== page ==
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Today in celebration of Black History Month, we recognize the contributions of Vonda Sargent, a Washington state civil rights lawyer.

 Vonda has worked on many civil rights cases throughout her career. Two notable highlights are the Wingate and Henderson cases.


In Wingate v. Whitlatch, a police officer arrested a 69-year-old black man walking with a golf club as a cane to deliver The Facts newspaper in the Central District to shut-ins. During trial, Vonda showed that Officer Whitlatch’s treatment of Mr. Wingate was racially motivated, which dictated the way she interacted with him.  The jury found her liable for her actions, and she was fired by the SPD, not for racial discrimination but for lying about the incident to the SPD. She also agreed to never work in law enforcement again. SPD issued an apology for the false arrest of Mr. Wingate.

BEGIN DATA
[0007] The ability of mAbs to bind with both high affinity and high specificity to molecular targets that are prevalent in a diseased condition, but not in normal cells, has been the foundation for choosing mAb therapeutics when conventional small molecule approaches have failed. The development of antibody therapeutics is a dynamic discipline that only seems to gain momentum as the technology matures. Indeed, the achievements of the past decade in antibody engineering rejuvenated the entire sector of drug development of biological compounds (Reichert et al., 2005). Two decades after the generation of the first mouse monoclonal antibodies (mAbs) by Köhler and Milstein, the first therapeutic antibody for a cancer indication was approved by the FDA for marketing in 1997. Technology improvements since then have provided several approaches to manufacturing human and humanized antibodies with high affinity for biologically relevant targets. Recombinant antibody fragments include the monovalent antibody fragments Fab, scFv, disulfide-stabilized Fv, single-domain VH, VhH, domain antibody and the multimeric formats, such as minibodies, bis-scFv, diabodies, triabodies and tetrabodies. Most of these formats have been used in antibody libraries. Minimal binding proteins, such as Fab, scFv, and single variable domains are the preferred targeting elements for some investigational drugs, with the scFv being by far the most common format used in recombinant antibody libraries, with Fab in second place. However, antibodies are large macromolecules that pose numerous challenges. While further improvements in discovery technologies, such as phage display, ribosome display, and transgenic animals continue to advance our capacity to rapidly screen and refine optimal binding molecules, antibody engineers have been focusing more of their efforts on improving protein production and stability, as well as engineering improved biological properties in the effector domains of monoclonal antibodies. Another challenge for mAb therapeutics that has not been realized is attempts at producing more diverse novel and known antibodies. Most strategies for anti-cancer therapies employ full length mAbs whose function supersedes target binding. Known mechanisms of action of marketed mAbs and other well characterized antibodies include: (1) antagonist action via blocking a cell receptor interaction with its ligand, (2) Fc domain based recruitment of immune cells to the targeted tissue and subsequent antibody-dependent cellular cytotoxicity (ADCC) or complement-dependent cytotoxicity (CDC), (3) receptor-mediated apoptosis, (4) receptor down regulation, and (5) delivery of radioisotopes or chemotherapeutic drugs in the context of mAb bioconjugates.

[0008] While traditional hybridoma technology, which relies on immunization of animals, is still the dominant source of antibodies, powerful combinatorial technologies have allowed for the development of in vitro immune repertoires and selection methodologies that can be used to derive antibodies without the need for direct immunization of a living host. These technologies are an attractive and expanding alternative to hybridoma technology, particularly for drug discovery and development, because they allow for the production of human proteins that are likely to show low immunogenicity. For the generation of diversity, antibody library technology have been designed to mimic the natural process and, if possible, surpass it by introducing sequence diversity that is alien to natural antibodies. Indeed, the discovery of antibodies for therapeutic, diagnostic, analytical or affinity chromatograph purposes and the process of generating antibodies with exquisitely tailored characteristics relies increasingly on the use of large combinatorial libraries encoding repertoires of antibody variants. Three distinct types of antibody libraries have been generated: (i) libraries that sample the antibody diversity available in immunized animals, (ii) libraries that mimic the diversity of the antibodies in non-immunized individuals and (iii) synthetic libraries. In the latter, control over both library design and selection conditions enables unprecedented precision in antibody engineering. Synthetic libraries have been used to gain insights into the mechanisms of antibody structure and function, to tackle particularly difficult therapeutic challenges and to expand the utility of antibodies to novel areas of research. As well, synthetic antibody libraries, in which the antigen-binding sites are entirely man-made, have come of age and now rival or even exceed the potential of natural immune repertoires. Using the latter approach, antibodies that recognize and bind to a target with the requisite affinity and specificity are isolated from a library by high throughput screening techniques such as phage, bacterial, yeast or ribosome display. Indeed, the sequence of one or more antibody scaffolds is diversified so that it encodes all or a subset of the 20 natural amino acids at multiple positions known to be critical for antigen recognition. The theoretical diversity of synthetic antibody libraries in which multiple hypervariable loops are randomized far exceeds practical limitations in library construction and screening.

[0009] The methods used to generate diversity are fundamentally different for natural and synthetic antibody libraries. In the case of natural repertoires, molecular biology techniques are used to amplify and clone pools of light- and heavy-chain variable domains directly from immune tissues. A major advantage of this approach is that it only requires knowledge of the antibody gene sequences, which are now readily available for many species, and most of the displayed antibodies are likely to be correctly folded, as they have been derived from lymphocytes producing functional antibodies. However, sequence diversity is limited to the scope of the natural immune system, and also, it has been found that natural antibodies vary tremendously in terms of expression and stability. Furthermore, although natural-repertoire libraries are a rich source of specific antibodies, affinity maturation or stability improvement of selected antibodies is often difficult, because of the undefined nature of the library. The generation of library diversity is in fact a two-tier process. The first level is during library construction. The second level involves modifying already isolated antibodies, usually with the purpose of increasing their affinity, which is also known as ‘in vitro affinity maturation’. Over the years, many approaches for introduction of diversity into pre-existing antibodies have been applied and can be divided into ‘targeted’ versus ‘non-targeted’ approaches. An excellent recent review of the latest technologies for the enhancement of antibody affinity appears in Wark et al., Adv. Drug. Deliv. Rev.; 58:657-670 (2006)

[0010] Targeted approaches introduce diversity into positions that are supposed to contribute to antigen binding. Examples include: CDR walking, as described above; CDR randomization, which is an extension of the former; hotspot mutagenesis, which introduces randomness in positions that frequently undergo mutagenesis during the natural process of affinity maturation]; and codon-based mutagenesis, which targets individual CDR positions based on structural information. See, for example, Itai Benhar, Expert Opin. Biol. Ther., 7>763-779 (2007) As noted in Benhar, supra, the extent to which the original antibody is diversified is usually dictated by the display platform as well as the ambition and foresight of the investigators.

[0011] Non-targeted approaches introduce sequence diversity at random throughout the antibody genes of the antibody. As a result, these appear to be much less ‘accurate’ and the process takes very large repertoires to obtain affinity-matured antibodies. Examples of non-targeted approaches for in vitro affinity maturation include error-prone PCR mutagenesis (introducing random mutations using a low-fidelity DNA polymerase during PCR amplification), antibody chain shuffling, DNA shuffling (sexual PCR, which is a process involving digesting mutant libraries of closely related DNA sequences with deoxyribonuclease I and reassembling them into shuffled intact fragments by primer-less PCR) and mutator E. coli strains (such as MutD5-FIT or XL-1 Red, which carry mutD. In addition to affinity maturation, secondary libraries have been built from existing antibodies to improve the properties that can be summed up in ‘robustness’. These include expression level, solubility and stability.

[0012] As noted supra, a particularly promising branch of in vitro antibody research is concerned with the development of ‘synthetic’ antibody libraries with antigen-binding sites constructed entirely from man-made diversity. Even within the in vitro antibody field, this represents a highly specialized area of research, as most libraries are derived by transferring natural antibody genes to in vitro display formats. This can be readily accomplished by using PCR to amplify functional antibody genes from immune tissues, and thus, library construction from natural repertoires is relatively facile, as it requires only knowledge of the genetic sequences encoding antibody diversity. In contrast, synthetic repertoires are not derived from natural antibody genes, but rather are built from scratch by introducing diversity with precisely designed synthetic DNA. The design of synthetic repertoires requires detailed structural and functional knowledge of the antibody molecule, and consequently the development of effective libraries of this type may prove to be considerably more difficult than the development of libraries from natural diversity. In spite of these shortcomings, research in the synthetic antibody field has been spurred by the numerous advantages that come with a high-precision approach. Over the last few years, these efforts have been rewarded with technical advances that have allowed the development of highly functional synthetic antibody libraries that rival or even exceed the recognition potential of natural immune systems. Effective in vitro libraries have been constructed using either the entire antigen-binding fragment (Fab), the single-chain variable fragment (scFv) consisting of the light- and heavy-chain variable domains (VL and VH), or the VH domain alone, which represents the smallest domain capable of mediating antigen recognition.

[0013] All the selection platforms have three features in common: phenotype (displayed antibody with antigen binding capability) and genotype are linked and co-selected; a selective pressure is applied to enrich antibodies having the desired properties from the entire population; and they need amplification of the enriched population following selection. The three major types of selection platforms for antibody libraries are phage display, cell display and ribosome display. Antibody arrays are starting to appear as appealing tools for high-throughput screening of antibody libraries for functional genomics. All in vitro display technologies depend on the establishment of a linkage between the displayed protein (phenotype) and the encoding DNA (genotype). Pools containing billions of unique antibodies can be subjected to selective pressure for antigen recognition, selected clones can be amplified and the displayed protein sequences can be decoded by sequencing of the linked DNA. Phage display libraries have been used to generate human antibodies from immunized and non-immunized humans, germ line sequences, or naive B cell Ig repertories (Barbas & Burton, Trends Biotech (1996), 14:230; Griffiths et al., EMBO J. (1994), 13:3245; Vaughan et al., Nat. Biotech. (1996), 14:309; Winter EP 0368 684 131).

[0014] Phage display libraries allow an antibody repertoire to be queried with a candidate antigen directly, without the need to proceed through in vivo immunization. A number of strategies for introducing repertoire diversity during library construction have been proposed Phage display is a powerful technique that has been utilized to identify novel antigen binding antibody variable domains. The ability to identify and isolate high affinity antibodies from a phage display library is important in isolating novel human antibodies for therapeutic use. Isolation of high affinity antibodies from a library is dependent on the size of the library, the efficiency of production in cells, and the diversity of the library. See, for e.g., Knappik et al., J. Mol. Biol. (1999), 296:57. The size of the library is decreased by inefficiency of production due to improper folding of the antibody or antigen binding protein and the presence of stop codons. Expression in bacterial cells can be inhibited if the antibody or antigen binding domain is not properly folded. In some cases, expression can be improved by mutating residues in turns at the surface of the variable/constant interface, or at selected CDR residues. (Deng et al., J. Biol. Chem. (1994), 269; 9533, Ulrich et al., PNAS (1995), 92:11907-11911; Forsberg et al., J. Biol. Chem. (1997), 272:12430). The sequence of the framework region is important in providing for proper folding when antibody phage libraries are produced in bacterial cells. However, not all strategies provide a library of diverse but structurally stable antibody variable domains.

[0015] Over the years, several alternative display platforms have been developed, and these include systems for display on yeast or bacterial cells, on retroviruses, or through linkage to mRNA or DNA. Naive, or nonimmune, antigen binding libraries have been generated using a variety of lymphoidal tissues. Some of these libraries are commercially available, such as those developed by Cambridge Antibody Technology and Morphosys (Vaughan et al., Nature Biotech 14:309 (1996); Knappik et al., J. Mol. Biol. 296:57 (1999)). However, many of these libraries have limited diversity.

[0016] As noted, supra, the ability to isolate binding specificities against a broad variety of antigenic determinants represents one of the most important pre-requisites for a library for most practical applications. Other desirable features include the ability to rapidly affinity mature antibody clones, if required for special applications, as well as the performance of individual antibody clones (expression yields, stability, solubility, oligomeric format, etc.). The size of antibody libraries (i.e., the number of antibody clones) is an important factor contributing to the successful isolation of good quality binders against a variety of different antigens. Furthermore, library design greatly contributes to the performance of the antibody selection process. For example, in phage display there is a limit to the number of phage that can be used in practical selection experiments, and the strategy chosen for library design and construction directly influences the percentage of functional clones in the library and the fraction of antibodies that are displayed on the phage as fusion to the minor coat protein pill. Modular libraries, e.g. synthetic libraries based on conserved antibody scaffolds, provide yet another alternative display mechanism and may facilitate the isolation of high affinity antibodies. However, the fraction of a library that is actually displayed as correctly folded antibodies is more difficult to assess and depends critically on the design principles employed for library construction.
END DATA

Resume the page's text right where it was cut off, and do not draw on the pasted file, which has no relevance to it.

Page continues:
In Henderson v. Thompson, Vonda represented a Black woman, Ms. Henderson, who was rear-ended a white woman, Ms. Thompson. During trial Thompson’s defense attorney, who is also white, used racist tropes and suggested impropriety between Henderson and her witnesses who were all Black.  The trial judge allowed language with racial overtones to be used by Thompson’s attorney despite objections by Vonda. Vonda appealed all the the way to the Washington Supreme Court which held that “if racial bias is a factor in the decision of a judge or jury that decision does not achieve substantial justice, and it must be reversed.” This was a landmark decision from Washington’s Supreme Court that acknowledged racial bias within the court system and held that all parties in civil cases are entitled to a trial free from racial bias.